At one location of the cavity 14 small openings 20 are placed in each of the housing halves. The openings are sealed with transparent windows 21. On the sides of the windows opposite the cavity a light source 22 is placed in one of the housing halves and a photoelectric element 23, preferably a phototransistor, is placed in the other housing half. As the opaque ball 15 passes by the windows, it interrupts the light impinging from the light source 22 on the photoelectric element 23, thus causing pulse modulation of the electric energy emerging from the photoelectric element 23. As the speed of the ball is essentially equal to the velocity of the fluid in the cavity 14, the frequency of the pulses is essentially linearly proportional to the rate of flow of the liquid.
The above completes the description of the basic features of the invention. In FIG. 2 additional auxiliary elements are shown, which are not essential to the invention but which proved to be convenient in manufacturing of the flowmeter, as they allow one basic model to be used for various flowranges and for various physical units, such as gallons per hour, liters per minute, etc. It was found experimentally that the speed of the ball and thus frequency of the pulses for a given flowrate and fluid characteristics is affected by three-dimensional parameters: the cross-sectional area of the toroid cavity, the diameter of the cavity, and the cross sectional area of the inlet and outlet channels.
I have found that one size of my flowmeter may be used to accommodate a large range of flows, thus keeping the first two parameters constant. I use commercially available digital counters, and the number of electric pulses emitted by my flowmeter must vary by multiples of a power of 2 for different ranges of measurement Thus, the number of pulses for different ranges of measurement could vary in proportion to 2, 4, 8, 16, etc. To accommodate to such wide ranges I meter the inlet with an orifice 26 (lower housing of FIG. 2). These orifices must be precise in relative dimensions of openings to give accurate readings over different ranges of flow volume. Originally also, I used a bypass passage 24 with and without a restriction 25, for this same purpose.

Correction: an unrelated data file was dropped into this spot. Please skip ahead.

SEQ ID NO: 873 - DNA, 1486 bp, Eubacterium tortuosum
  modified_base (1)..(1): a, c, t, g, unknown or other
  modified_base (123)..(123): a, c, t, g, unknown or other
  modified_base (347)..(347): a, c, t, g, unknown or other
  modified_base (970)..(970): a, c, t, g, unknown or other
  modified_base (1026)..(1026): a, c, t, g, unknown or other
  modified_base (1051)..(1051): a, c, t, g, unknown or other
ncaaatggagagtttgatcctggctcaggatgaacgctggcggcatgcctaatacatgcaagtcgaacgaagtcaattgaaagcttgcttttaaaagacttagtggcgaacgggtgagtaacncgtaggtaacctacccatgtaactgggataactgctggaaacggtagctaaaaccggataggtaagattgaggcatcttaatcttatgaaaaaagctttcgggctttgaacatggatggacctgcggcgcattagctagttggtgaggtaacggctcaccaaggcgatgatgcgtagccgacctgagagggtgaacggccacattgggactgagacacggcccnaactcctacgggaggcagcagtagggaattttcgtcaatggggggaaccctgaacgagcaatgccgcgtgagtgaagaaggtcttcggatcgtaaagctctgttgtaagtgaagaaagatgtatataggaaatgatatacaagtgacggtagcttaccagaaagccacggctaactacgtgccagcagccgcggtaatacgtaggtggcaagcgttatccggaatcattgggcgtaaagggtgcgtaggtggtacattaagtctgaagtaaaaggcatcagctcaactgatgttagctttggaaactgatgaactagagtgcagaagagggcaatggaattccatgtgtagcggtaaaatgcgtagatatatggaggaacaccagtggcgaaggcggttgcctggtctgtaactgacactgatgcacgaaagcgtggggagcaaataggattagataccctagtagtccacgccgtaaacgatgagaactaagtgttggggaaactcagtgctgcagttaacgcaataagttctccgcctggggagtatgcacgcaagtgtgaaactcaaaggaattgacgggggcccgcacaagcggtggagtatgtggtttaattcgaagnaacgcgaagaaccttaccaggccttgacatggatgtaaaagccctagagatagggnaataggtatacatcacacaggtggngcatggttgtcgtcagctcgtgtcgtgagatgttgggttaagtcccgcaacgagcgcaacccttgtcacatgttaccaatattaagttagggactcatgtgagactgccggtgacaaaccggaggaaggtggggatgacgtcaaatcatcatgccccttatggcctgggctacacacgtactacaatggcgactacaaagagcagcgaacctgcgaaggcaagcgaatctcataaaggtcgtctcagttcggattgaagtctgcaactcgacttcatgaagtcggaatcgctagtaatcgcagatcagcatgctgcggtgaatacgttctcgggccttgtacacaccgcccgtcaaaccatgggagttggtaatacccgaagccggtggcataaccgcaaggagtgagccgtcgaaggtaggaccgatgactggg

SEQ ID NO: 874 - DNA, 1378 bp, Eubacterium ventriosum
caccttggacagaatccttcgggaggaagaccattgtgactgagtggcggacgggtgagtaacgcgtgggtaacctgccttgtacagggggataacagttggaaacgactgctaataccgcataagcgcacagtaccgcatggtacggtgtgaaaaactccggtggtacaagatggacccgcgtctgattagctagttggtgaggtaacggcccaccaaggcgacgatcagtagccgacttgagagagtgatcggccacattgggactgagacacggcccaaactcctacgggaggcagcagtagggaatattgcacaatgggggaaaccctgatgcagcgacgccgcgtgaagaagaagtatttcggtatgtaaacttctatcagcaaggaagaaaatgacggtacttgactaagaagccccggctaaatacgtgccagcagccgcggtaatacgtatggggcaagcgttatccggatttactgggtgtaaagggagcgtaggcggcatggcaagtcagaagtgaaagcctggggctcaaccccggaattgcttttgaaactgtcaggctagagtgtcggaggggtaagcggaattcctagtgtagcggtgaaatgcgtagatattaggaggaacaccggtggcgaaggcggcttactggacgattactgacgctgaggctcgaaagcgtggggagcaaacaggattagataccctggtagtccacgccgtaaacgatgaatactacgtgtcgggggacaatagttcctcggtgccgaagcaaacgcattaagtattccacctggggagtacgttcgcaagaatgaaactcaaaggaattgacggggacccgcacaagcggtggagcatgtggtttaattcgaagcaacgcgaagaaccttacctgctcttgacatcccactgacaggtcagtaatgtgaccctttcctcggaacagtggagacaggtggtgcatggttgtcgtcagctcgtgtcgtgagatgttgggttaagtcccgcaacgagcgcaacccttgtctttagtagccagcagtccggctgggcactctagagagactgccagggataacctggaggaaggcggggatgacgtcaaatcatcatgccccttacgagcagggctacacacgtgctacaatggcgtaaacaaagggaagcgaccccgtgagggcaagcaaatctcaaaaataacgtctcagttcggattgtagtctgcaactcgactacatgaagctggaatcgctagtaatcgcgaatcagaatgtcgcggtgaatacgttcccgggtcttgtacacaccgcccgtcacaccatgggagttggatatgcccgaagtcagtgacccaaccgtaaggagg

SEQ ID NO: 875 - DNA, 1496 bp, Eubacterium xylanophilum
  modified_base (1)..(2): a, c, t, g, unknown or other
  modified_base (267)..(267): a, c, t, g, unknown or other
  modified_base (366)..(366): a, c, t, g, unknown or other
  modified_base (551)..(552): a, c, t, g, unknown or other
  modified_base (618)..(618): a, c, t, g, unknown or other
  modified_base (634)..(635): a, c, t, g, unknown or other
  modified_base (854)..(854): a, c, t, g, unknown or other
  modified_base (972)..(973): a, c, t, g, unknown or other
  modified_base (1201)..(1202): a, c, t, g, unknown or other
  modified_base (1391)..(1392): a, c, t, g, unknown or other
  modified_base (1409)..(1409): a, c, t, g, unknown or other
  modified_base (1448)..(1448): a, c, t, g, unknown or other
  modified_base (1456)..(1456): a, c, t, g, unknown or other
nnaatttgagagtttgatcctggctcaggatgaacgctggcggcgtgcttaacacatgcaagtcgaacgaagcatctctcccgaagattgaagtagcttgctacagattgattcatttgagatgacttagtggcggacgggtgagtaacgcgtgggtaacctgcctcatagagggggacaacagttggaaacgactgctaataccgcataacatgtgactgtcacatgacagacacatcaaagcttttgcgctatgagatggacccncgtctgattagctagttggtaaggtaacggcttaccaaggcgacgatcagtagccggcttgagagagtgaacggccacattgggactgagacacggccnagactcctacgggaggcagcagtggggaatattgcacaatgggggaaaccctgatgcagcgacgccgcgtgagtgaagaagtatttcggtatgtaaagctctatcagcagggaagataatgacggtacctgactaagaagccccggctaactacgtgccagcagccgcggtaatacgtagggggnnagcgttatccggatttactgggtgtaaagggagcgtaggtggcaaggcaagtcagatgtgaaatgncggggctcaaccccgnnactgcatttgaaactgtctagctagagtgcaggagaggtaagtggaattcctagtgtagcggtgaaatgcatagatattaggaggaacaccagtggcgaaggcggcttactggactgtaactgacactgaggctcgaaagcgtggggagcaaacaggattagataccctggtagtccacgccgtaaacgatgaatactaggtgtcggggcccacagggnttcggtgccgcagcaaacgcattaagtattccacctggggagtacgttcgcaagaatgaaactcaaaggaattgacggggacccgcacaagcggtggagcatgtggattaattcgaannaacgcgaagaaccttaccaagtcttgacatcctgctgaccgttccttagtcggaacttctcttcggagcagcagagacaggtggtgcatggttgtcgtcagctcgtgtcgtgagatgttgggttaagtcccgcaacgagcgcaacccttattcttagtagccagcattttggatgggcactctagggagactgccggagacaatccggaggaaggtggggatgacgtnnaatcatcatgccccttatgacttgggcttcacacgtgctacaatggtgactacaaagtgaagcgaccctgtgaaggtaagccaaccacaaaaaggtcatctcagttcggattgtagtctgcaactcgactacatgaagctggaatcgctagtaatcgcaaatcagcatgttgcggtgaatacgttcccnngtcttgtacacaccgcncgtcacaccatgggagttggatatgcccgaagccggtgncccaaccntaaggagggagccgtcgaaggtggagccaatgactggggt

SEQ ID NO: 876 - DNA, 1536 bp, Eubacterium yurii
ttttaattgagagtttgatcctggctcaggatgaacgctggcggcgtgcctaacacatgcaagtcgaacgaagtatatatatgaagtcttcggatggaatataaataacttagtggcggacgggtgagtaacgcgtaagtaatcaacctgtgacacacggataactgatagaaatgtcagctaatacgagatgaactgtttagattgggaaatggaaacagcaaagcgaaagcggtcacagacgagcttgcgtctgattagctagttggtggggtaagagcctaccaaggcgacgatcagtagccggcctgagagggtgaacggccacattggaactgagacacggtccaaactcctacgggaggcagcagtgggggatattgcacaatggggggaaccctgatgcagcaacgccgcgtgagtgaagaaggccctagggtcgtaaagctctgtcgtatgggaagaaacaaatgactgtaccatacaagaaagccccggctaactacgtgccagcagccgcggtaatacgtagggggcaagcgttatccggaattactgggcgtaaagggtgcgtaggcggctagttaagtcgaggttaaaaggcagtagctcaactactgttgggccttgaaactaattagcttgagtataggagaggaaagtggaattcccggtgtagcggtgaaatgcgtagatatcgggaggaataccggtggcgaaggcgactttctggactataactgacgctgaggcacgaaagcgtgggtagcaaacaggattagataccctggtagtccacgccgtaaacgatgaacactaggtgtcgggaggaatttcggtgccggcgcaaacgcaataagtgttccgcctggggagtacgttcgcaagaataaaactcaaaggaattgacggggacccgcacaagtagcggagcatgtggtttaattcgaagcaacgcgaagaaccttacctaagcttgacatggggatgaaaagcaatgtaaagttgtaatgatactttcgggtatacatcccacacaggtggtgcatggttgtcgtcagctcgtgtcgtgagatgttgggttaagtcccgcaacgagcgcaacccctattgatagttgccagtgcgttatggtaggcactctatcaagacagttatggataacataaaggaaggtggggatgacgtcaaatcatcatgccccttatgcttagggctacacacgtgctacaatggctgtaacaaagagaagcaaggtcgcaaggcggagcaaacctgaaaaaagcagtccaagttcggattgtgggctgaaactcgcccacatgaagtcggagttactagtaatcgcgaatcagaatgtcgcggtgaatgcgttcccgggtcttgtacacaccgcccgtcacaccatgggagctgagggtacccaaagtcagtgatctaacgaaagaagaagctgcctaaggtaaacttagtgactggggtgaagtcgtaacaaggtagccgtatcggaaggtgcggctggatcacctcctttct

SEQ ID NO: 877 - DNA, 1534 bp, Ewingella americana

I now find that the necessary control may be achieved by the orifice 26 and the bypass 24 is not necessary. The bypass restriction 25 and orifice 26 are separate bushings, which may easily be manufactured with various hole diameters, thus allowing use of one basic flowmeter body for various flowranges and fluids. If the flowmeter is to be used to measure flow in either direction, one orifice 26 is placed in the inlet channel and one identical orifice 26 is placed in the outlet channel. If flow in only one direction is to be measured, the orifice 26 is placed only in the inlet channel.
The flowmeter as described above will measure flow in either direction, but it will not indicate the flow direction. If this information is required, two additional sensing means unequally spaced from the main sensing means along the circular toroid cavity are used. In this case the time interval between the pulse from the first and the second sensing means is shorter if the flow is in the direction from the first to a second means, and longer if it is in the opposite direction. This time differential can be measured with a dual-channel oscilloscope of with many other electronic devices known to those skilled in the art and utilized to indicate the flow direction. It should be recognized that when the flow reverses for only a short period of time, as is the case in modern automotive fuel systems, the direction of travel of the ball will not reverse, but the ball will merely slow down in proportion to the average flow in the dominant direction. This is true because the flowmeter constant (defined as number of pulses per volume of fluid) is the same for this flowmeter invention in either flow direction, as contrasted with a flowmeter with axial exit port, for which the flowmeter constant is almost zero in the reverse flow direction. Consequently, a flowmeter with axial exit port will give erroneous reading if the fluid does not flow in one direction only, while the flowmeter of this invention will give true average reading. Since in automotive application the fuel flow in one direction is always dominant, it is not necessary to use the flow direction sensing means.